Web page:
Chris saw Minnie and screamed. “Minnie! Help us!” Chris yelled. “He’s killing us! Minnie! I can’t breath! Help us!”

Matt said, “Hello Minnie.” His voice was remarkably calm for a man who was holding up two other adult men in the air even if the wall was supporting most of their weight. “Our two stars here decided they didn’t want to film the swordfight scene according to the storyboards,” Matt said. “They told me they wanted to make it longer. And more Hollywood.”

Minnie ignored Chris and looked up at Jude. “Is this true, Jude?”

Jude stopped trying to karate chop Matt’s arm. “Well, Minnie,” Jude said, “yes, but we were—”

Matt banged Jude against the wall and said, “Shut up. I explained to them, Minnie, that our film was about Ophelia, not Hamlet and Laertes, but they didn’t care. I explained to them that any changes this late in production made life hell for the editor and cinematographer and everyone else. But they didn’t care.”

Minnie looked up at Jude. “Is this true, Jude?”

Jude said, “Well, Minnie, yes, but we just wanted—”

Matt banged Jude against the wall and said, “Shut up. I didn’t want to be the bad guy and tell them they couldn’t do what they wanted to do, so, instead, I thought I’d just kill them both with my bare hands.”

“Sounds like a good plan,” Minnie said.

Chris screamed and shook his head wildly. “Minnie!” Chris screamed, still crying so hard tears were flowing off his cheeks. “He’s hurting us, Minnie! This isn’t funny! Help us!”

“I don’t mind killing them,” Matt said. “Unless you think they might listen to you if you talked to them.”

Minnie looked up at Jude. “I don’t know,” Minnie said. “Jude, will you and Chris listen to me if I talk to you?”

“Of course, Minnie,” Jude said. “We only wanted to—”

Matt banged Jude against the wall and said, “Shut up. Okay, Minnie. I’ll leave this to you.”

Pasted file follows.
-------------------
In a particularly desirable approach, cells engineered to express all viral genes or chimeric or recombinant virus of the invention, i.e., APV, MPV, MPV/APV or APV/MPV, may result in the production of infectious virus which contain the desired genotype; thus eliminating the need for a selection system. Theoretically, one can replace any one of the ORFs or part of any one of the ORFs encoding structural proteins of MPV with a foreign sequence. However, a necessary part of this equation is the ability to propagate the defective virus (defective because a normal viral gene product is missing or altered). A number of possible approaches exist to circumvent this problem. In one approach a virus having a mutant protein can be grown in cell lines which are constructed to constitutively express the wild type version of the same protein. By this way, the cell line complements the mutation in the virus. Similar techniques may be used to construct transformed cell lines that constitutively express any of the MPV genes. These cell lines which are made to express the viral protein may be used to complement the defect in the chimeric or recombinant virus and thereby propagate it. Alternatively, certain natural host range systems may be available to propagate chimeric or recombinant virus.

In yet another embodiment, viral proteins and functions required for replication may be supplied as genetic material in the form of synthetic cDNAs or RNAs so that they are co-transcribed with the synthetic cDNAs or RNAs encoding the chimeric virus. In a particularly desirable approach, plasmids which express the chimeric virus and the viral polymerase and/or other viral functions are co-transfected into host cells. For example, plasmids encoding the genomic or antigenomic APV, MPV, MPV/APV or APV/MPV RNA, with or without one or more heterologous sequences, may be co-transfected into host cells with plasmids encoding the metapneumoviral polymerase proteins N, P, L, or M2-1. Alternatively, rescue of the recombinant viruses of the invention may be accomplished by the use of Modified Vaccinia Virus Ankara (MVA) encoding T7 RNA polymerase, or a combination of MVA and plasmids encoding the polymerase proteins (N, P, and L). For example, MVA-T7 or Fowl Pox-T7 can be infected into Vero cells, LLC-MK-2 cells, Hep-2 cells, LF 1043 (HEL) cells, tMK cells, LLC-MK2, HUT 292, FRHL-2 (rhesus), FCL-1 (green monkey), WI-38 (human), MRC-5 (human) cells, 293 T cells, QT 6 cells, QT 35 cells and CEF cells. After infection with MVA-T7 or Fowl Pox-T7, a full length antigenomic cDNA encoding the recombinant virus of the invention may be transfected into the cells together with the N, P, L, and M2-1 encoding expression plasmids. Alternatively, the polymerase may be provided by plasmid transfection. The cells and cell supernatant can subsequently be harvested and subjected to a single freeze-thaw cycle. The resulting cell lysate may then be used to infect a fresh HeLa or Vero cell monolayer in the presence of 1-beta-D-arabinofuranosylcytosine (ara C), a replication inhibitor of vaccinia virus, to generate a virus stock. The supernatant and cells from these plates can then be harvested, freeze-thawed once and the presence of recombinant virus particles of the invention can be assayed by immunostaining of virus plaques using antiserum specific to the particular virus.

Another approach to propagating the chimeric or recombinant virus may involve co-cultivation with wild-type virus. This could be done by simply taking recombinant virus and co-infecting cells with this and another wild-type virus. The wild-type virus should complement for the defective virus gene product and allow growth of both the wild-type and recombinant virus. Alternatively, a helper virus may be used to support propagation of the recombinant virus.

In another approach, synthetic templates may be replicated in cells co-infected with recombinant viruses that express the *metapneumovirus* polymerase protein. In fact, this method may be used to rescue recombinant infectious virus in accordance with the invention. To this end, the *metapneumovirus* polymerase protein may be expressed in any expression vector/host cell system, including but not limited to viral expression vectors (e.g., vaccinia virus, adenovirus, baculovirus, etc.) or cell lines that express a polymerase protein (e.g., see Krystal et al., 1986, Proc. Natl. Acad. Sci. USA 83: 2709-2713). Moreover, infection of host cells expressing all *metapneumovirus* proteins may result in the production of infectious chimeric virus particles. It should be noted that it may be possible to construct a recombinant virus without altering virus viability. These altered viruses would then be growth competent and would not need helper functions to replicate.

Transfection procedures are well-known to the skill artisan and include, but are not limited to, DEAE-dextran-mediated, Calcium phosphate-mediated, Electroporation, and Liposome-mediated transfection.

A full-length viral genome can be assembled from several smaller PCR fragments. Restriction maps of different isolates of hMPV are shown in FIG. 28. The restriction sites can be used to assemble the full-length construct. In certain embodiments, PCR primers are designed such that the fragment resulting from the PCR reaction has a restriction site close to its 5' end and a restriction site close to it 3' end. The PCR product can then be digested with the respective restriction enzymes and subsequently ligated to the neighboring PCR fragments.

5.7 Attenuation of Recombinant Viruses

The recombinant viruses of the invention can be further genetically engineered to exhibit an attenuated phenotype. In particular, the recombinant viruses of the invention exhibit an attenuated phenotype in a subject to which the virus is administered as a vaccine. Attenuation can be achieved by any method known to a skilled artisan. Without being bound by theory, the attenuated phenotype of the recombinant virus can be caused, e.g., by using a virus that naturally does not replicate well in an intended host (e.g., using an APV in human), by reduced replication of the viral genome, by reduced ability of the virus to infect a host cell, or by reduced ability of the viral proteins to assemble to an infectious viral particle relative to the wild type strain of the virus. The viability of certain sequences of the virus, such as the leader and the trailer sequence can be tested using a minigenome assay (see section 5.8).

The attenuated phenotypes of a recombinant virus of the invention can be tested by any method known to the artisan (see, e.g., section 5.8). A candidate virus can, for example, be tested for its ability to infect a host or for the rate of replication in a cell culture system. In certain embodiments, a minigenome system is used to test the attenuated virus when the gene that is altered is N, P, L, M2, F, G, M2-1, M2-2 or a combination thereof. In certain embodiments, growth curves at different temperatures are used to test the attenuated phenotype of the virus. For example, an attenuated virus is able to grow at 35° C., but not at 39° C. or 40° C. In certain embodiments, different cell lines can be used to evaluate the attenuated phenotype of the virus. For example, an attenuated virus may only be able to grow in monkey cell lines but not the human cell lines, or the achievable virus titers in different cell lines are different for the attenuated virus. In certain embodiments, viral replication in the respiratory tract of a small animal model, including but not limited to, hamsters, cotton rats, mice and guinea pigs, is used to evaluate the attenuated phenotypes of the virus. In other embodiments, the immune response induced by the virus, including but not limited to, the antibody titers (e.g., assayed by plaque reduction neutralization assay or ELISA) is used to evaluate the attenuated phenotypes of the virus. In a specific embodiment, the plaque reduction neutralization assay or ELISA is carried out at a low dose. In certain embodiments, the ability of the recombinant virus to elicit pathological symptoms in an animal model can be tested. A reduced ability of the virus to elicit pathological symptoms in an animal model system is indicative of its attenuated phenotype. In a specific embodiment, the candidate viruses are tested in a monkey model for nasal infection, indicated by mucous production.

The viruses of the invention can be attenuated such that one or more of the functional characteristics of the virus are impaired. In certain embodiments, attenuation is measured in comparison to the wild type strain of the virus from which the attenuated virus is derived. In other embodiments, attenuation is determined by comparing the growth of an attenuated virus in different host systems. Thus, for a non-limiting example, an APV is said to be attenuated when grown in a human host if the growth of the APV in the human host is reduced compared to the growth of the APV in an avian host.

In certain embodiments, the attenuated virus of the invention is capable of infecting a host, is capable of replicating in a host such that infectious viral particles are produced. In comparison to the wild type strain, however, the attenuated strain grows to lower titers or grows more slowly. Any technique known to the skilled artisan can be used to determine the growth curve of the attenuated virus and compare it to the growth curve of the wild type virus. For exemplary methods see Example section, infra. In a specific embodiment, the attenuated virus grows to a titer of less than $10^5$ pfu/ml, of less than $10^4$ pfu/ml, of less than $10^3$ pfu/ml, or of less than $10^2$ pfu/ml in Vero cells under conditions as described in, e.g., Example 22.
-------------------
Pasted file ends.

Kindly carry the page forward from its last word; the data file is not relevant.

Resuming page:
Then Matt shifted a little to his right and bent at the knees a little and heaved Jude three or four feet through the air to the room’s big bed. Then Matt shifted a little to his left and bent at the knees a little and heaved Chris three or four feet through the air to the bed next to Jude.

Jude straightened himself out, pushed back against the headboard and felt his forehead with both hands, making sure his toupee hadn’t gotten knocked loose. Chris continued crying and scurried next to Jude and pulled a pillow from behind Jude and clutched the pillow over his own head and hid his head underneath the pillow.

Matt turned away from the bed and walked to Minnie. “I’ll leave this to you,” Matt said, again. “See you in the morning.” He kissed Minnie on the cheek.

“See you in the morning,” Minnie said, and kissed Matt on the cheek.

Matt turned to leave the room and saw Laura holding the video camera. He put up his hand. “Hey,” Matt said, “none of that paparazzi crap.” He left the room and walked past the camera.

Minnie walked toward the camera. “Really, Laura, really?” Minnie asked. “Really?” Minnie asked, again, swinging the door closed on Laura and her camera.

In the hallway, Laura kept the camera running. Nathan was leaning against the wall on the other side of the doorway. He was laughing and, as he laughed, he gestured with his index finger for Laura to come closer and give him a one-shot.

Nathan, in a one, choked out words between laughing and wiping his eyes and laughing harder. “The first rule of Gay Club,” Nathan said, “the very first rule of Gay Club is you can push the straights but you can’t push the straights too far or else they’ll pick you up, bang you against the wall and throw you across the room. It’s the first rule!”

Laura held on Nathan laughing, then switched off her camera.

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Margo Makes Movies That Don’t Get Released